In the fall of 1934, a small group of Fort Bend citizens led by W.N. Covell, Mr. and Mrs. A.C.Wendel, Mrs. H.B. Ross, and Mrs. W.R.Douglas, called on Bishop Christopher Byrne in Galveston and asked permission to build a church in Richmond. The Bishop praised their pioneer spirit and promised to assign a pastor if they were successful.
The construction was a work of love by both Catholics and non-Catholics of Richmond, who donated materials and their labor. The cornerstone was laid on March 11, 1935, and the church was dedicated by Bishop Byrne on May 9, 1935, at ten o'clock.
In his homily that day, Bishop Byrne told of the organization of the parish by a small dedicated group of Catholic laity. He said, "I congratulate Fr. Reybaud on having a church and a certain amount of organization before the parish even had a pastor. Sixty or seventy years ago, mass was said here. There was no church, but priests from Annunciation in Houston offered masses." The Bishop also praised those of other faiths for their financial support and cooperation in other helpful ways in the building of the church.
After the church was completed, work was begun on a seven room rectory which served as the parish office and the priest's residence until 1989. Sisters from Sacred Heart Dominican Convent in Houston were brought to Richmond each Sunday by members of the parish. This was the first religious education program. Much later in the history of the parish, Sister Dorothy O'Neill from the Dominican Convent would become a full-time Directory of Religious Education for the parish.
Msgr. James J. Madden was pastor from 1967-1969 and from 1973-1988. During his first term as pastor, the Education Building was built. During his second term, the original church was renovated and the beautiful windows added. Construction was carried out by parishioner Bill Leifrig.
Fr. Eric Pitre came to Sacred Heart in July of 1988. In 1989, the temporary classrooms were added and a concrete parking lot was built. The work on the parking lot was directed by parishioner Howard Ladner and performed by a crew of volunteers from the parish. During the summer of 1989, construction was started on the new rectory. Architect was Don Purser and contractor was Greg Harris, both members of the parish.
In order to create space for the new church, the old rectory had to be moved. It was purchased by parishioners John and Barbara Lipinski and donated to the Fort Bend Women's Center. Members of the Knights of Columbus under Grand Knight, Don Ries, spent over a year rehabilitating the house once it was moved.
Church construction began in May of 1990. Architect was Christopher DiStefano who designed the new county courthouse in Richmond; contractor was Earl Barbin of Needville. A good deal of local labor was utilized in the building process. The Church was completed in January, 1991, and was dedicated on February 23, 1991, by Bishop Joseph A. Fiorenza.
The windows in the body of the church represent the titles we use to address Jesus Christ. Windows in the east and west wings symbolize the creation of the world and the resurrection. Windows were done by the Cavallini Company, Inc. of San Antonio, Texas. The beautiful baptismal was constructed of marble quarried in Madras, India. It was designed and constructed by Daniel J. Krizak of Highlands, Texas. The altar, pulpit, pews and church furnishings were build by Amish and Mennonite craftsmen in Modesto, California. Lighting for grounds was done by Phil Tyner, a member of the parish. Funds for landscaping were donated by Milton and Lillian Polansky in memory of their son, Jeffrey. Labor was supplied by members of the parish under direction of Chrish Hajdik.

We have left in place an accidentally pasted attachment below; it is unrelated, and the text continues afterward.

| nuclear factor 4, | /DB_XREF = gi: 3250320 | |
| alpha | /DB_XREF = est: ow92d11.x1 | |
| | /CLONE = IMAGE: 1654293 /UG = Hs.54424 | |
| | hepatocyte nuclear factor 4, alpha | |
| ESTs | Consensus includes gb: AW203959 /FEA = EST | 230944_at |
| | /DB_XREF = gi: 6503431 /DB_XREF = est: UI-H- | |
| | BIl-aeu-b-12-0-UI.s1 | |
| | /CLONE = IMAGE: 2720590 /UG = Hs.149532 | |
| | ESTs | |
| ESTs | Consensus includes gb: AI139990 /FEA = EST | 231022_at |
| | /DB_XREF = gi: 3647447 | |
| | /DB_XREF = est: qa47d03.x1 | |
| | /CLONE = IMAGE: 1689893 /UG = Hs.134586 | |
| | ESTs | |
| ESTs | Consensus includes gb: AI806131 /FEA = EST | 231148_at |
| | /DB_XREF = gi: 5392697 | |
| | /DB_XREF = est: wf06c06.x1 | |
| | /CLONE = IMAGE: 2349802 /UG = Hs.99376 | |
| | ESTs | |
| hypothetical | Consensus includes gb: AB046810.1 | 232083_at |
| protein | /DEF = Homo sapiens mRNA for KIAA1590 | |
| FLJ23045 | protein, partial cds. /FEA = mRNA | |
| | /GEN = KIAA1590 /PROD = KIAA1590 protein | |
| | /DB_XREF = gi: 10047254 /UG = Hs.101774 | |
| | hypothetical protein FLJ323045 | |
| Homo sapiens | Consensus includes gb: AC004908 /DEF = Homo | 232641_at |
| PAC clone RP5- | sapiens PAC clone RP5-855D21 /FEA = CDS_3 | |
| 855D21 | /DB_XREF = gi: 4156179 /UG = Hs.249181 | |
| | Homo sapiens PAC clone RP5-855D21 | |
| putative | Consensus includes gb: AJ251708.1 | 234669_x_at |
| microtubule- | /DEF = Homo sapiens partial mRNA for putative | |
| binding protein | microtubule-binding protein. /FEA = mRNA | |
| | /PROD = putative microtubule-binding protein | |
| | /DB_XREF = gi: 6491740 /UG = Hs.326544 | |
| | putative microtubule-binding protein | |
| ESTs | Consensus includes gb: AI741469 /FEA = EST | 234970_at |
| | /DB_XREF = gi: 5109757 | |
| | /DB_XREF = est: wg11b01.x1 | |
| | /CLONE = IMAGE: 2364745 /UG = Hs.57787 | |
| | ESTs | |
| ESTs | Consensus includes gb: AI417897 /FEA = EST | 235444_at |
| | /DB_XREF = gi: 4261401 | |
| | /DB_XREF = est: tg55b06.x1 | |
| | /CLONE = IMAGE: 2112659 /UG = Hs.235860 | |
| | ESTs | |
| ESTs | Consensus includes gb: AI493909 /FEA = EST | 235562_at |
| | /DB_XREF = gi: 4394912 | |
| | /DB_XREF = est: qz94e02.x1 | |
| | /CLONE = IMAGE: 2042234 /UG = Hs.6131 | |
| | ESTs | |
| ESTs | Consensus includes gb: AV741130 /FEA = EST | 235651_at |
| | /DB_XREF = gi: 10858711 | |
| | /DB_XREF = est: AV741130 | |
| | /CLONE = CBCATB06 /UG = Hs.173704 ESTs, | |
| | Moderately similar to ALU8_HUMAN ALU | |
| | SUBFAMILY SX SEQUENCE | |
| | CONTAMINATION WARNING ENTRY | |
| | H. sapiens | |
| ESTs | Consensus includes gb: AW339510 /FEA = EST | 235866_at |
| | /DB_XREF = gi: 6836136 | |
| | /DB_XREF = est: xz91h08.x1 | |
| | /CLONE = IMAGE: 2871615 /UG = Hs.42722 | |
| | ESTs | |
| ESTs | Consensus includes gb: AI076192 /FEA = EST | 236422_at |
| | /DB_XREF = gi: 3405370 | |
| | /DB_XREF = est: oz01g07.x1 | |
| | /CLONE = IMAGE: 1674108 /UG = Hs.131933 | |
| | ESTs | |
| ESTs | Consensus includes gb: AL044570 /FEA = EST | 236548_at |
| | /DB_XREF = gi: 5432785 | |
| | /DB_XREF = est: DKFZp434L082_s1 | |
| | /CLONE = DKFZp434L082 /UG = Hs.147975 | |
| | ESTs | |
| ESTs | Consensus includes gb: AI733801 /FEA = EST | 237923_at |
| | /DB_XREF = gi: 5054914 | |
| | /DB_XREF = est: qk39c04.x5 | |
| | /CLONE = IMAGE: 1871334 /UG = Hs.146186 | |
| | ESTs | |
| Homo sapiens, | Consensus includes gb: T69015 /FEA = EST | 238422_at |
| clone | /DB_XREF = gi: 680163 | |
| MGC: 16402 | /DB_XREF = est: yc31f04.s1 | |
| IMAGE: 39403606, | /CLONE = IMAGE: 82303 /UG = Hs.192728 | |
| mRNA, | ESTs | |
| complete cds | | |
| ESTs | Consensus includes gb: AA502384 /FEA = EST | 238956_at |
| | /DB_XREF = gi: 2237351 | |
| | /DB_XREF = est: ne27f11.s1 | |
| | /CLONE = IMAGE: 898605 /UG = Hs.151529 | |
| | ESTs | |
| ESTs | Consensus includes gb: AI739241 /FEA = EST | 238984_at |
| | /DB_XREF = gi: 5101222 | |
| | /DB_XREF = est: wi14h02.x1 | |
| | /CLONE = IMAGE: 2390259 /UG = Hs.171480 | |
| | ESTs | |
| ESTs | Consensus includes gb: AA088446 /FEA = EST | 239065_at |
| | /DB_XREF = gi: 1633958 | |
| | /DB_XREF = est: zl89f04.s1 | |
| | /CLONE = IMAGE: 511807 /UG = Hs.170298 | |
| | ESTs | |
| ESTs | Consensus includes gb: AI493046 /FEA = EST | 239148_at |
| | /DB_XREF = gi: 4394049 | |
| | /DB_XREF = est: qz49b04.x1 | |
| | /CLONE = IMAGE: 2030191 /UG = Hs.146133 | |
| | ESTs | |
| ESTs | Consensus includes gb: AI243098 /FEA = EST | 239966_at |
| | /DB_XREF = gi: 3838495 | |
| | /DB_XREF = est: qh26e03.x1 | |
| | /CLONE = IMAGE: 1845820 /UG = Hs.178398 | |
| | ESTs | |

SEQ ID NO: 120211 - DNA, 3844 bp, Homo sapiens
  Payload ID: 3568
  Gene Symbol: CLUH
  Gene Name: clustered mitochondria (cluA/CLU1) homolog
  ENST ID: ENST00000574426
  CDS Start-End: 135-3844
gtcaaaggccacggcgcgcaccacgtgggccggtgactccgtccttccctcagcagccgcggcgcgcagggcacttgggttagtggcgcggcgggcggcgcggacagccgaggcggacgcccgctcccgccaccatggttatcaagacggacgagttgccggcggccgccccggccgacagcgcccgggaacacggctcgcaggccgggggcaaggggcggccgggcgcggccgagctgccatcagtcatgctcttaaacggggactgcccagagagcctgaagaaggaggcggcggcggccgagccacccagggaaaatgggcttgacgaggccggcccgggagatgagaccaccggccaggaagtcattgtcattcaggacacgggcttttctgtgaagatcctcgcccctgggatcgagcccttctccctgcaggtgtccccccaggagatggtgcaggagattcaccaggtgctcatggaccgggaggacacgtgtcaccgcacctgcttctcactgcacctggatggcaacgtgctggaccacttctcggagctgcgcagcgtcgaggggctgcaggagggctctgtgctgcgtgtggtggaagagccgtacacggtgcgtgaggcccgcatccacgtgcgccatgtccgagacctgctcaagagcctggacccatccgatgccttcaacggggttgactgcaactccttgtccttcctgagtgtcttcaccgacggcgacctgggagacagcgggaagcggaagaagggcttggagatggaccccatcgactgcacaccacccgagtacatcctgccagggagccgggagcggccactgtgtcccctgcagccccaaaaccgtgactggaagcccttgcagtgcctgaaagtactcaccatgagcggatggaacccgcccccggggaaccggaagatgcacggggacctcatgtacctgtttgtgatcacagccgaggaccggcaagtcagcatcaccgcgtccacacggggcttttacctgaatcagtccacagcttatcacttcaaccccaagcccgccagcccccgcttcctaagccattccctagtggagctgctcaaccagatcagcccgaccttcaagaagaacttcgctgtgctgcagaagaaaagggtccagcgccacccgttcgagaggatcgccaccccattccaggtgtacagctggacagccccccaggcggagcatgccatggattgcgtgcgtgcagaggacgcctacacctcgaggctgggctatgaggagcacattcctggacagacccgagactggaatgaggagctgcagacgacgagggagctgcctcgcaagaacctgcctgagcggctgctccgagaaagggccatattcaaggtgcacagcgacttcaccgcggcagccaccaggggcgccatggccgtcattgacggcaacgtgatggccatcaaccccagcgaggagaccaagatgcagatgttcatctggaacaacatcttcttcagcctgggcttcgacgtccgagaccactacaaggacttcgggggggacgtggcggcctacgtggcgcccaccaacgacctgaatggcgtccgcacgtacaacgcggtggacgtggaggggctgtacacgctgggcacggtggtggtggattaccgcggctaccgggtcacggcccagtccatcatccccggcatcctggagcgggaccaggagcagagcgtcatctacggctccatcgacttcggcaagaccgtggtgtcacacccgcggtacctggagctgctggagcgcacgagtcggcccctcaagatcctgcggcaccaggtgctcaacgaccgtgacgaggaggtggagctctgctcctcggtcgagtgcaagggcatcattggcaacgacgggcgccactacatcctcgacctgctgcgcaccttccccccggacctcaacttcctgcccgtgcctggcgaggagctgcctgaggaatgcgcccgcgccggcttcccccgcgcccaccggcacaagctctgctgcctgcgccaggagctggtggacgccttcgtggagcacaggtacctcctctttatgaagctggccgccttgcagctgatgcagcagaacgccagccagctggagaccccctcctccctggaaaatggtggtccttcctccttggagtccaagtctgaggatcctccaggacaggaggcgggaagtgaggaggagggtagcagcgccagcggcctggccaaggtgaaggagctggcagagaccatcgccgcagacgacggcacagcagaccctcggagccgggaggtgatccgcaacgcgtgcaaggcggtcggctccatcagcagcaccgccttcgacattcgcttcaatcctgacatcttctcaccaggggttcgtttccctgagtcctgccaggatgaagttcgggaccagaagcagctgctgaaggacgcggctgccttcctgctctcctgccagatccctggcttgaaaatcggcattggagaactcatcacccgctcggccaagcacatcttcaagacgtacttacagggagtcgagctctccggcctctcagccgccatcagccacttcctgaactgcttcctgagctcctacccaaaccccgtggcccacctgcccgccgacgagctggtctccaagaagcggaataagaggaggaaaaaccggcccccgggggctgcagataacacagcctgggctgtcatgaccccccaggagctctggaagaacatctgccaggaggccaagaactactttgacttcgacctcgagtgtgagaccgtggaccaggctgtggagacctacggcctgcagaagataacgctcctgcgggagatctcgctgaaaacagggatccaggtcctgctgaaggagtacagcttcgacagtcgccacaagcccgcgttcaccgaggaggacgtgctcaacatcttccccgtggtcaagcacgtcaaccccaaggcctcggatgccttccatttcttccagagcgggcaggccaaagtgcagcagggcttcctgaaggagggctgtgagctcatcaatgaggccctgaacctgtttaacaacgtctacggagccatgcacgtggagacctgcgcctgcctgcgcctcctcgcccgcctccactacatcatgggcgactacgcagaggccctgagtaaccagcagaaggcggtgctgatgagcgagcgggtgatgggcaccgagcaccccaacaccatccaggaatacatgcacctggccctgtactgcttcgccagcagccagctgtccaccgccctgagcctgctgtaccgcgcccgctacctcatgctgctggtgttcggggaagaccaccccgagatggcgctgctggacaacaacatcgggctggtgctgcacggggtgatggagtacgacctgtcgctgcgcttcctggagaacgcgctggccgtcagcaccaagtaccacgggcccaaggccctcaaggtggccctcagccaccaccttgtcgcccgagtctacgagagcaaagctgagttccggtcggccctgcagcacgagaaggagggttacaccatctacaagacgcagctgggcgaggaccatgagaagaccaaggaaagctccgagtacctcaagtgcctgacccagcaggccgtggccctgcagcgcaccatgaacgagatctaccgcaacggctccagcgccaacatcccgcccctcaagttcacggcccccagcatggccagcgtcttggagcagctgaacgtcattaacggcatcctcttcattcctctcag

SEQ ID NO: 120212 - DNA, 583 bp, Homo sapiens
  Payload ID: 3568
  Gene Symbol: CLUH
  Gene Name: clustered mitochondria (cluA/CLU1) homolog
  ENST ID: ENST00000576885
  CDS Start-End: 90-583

Parish offices were constructed by members of the parish under the direction of Glen Nelson and Robin Reiland, with much of the labor being supplied by the RCIA class of 1991. In July of 1991, offices were moved from the new rectory to their present location.
As the parish and its religious education program continued to grow, the Pastoral Council reflected its concern that there be enough land for future expansion. Encouraged by the visit of Bishop Joseph A. Fiorenza in 1992, the parish set out to acquire the block directly across the street from the new church. Approval was given for a second bank loan from Texas Commerce Bank and the initial purchase was made January, 1993. Purchase of the final portion of the property was made in July of 1993 as a result of a generous donation by Fred and Hattie Fischer in memory of their son, Thomas. The larger house was repaired by members of the parish and a playground built by the Knights of Columbus. The property is used for CCE classes.
Characteristic of Sacred Heart has been a generous attitude of stewardship of time, talents, and treasures. Parishioners have always volunteered when needed. Both IN THANKSGIVING BUILDING FUND DRIVES were conducted without the help of outside professionals. At Sacred Heart, Larry Horrigan, Julius Maresh, and Kent Myers directed a large group of volunteers during both fund drives.
In 1988, the parish consisted of 445 families. With the help of priests from Strake Jesuit, five masses were celebrated on the weekends in the little chapel.
In 2012 Sacred Heart has grown to be a parish of over 2400 families. Two daughters of the parish have entered religious life, and three sons have entered the seminary.